Additionally Anita Spring trail is marked but faint, and you will do some tree hopping to get to the spring.It was trickling,full of water, cold and refreshing. A tree fell right next to it to make for a nice seat while you enjoy.

The other trails I hiked ranged from good to terrible. The Crest trail was clear and easy to follow with signs at many junctions. However, take that with grain of salt and check your headings, I found myself not trusting them that much.

I spent the night near Ojo Aqua Frio spring but never looked for it as I had plenty of water from Anita Spring. There is a lot of dead fall in the area but there is also a wonderful site to camp on that is east of the Crest trail and looks directly west. Tent and hammock friendly.

Unfortunately,for me the weather turned bad that night. High winds, rain and the clouds just sat on me all day. After half a day it wasn't clearing I headed back down. Trying my luck I went via the Saulsbury Trail. This is just a bad trail until you get way down in the canyon and even then it meanders and is hard to follow. The lower portion has some orange flagging tape but eventually that person got lost too and stopped marking it. :) At the top, it went from obvious, to faint, to is this a game trail to where did it go? Using map, compass and GPS I ended up doing a bit of bushwhacking (the rain and fog did not make following this any easier). I even found remnants of other hikers as well, a fleece jacket stuck on some thorns. All told I went over, under or around 103 trees from top to bottom.

I understand the whole area is much like this due to the past forest fires and weather events. It was hard, and if looking for a challenge, these are your trails. Eventually, I will try to get back to finish the rest of my trip.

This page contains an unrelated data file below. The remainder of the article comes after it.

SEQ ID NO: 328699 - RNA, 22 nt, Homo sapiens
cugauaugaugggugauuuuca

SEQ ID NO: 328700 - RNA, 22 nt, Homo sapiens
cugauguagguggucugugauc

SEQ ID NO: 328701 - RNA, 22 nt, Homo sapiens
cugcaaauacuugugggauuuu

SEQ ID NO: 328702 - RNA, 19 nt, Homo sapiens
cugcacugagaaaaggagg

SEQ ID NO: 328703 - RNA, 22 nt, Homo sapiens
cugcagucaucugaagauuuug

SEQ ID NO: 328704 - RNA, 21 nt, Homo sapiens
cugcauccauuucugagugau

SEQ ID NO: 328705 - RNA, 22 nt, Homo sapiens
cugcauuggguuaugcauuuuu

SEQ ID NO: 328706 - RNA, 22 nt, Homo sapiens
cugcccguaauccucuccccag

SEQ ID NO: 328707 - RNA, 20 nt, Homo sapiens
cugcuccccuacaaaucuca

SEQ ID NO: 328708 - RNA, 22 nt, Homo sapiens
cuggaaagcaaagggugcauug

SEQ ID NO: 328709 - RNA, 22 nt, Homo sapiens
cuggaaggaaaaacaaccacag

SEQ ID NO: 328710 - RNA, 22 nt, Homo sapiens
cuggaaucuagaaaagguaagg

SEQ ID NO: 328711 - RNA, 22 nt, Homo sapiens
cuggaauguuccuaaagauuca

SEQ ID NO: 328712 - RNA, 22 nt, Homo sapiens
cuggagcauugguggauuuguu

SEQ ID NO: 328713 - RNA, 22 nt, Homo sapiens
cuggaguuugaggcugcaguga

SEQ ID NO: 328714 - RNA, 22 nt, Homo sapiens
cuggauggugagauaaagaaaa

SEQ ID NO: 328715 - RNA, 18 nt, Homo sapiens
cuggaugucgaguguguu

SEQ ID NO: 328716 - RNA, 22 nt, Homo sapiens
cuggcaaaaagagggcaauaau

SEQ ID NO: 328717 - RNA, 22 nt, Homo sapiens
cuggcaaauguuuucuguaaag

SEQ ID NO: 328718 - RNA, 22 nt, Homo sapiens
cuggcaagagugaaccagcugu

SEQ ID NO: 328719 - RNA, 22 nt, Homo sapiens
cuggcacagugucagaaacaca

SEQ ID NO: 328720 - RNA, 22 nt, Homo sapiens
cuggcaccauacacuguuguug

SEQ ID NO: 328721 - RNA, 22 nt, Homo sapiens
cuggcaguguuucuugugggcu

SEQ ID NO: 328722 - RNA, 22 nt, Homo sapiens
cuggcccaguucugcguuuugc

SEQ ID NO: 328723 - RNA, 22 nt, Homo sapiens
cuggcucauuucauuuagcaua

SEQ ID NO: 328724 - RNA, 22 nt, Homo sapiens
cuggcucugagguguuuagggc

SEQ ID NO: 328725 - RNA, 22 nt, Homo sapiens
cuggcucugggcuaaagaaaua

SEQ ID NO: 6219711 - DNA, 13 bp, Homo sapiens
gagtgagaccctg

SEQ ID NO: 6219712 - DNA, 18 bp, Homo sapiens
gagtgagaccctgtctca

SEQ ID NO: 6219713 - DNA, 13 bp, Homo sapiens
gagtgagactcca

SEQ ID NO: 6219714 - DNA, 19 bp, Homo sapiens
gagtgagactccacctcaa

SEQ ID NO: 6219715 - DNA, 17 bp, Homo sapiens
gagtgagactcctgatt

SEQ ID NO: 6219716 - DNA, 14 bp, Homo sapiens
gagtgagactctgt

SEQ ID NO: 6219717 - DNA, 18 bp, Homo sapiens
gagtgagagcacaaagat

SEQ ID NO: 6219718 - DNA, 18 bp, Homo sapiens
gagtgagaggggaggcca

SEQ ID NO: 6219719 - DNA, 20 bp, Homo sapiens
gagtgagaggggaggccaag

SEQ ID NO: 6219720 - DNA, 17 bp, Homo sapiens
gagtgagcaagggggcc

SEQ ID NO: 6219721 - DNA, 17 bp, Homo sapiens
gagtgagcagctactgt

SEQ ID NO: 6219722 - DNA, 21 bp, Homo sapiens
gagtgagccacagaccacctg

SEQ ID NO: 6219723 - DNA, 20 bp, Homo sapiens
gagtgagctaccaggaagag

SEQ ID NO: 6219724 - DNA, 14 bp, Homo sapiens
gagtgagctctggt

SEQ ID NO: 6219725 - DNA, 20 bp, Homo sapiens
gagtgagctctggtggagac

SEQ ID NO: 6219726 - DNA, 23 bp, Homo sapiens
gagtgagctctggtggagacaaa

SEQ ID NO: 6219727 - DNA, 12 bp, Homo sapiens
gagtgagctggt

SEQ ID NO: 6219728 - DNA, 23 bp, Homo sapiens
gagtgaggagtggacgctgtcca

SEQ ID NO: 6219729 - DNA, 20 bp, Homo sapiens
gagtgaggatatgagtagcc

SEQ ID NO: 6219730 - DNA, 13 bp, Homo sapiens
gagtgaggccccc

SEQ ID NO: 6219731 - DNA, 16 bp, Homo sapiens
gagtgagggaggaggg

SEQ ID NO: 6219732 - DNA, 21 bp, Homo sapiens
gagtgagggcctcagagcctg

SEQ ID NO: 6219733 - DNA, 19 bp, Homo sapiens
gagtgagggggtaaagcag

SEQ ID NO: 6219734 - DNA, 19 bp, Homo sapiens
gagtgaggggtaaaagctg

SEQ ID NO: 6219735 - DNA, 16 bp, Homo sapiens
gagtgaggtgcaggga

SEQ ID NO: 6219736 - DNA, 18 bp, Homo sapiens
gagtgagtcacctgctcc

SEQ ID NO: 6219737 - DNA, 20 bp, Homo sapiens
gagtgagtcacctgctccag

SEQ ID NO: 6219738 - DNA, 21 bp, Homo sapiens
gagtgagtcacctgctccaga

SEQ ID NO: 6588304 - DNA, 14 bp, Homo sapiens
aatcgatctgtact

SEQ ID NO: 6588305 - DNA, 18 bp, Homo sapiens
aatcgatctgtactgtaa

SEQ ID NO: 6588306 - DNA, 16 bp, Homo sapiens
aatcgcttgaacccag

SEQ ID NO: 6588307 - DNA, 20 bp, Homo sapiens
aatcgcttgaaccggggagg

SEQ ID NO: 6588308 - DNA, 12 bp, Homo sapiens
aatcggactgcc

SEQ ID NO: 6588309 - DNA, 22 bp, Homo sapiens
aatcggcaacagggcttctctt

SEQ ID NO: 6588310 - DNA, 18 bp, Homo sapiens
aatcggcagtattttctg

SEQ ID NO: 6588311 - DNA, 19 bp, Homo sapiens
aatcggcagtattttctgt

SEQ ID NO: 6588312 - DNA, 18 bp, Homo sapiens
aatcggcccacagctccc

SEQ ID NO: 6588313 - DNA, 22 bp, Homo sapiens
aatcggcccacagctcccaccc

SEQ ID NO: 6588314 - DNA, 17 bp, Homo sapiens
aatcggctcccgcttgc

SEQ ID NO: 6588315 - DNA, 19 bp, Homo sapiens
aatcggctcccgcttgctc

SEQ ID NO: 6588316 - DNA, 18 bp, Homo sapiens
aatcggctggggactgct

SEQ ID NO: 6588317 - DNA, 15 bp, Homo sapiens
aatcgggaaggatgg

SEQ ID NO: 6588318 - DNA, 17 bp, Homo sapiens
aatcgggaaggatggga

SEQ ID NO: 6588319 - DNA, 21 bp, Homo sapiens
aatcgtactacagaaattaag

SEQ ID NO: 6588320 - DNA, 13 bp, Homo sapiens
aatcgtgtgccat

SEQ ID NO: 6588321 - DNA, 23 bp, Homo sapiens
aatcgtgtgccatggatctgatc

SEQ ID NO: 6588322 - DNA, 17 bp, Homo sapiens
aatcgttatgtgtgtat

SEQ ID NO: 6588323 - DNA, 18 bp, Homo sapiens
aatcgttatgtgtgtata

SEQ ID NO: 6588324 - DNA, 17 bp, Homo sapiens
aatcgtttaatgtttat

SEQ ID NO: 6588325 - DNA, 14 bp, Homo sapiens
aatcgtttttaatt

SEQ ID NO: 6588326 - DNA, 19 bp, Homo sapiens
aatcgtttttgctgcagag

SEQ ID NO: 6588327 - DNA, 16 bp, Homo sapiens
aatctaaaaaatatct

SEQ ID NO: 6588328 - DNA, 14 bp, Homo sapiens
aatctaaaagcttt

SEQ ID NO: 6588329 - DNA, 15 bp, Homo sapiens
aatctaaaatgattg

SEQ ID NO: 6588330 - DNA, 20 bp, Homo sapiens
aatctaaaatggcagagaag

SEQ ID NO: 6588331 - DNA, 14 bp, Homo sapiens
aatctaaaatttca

8.23 mi • 1,921 ft aeg
 The weather on Sunday was much colder than Saturday. Daniela and I started from Rustler Park in plenty of wind and fog. There was sporadic slushy rain on the way to Flys Peak. At the summit, we took a quick break sheltered under some trees, but no views as everything was in the fog. The plan was to continue to Chiricahua Peak, but after another half mile or so, I decided that it wasn't worth the walk over there since we couldn't see anything anyway, so we turned around. On the way back, we spotted one coatimundi, who climbed a tree next to the trail and threw some bark and loose branches at us while we took pictures. Daniela had never seen one before. Despite turning around early, it was still a pleasant hike, and I'll head back in a month of two to explore some of the other trails.
8 mi • 1,600 ft aeg
 Instead of the Month Vista loop, we went for the next closest peak, Fly's Peak. It was a beautiful trek in on the Crest trail. Fly's Peak trail was pretty ragged. The trail was faint and many downed trees obscured the path. I did plenty of hopping up and down off of logs. And my logs got plenty scratched from all the bushes. The peak itself is beautiful. We accidentally went down the section of the Fly's peak trail that intersects with the Crest trail about .5 miles past the first intersection for fly's peak.

This mistake was fortunate though. If you decide to climb Fly's Peak take the second junction for Fly's Peak. The trail is easier to find and free from fallen debris and thorny bushes. The ascent is also quicker than from the other side, if you're impatient like me
0 mi • 4,300 ft aeg
 We tried to drive out to this one today to enjoy the nice weather. Unfortunately looks like the area has recently seen some heavy rainfall. At 6 miles from the 181 on Turkey Creek Rd, we hit a large pool about 5 inches deep. Since we were driving a passenger car, we turned back. At the moment this hike is for larger vehicle or people who want to hoof it in
4.12 mi • 4,876 ft aeg
 Attempted to day hike Rucker Canyon Trail to Price Canyon Trail to Crest Trail 270C to Crest Trail 270D to Crest Trail 270B to Raspberry Ridge Trail. Rucker is in good shape till it turns and makes it's way to Price Canyon Trail. It becomes a bush whack with a trail fading in and out. This continues for miles till it arrives at the "junction" with Snowshed Trail (not sure where that was). We gave up after searching and backtracked. GPS highly recommended, all we had were updated maps.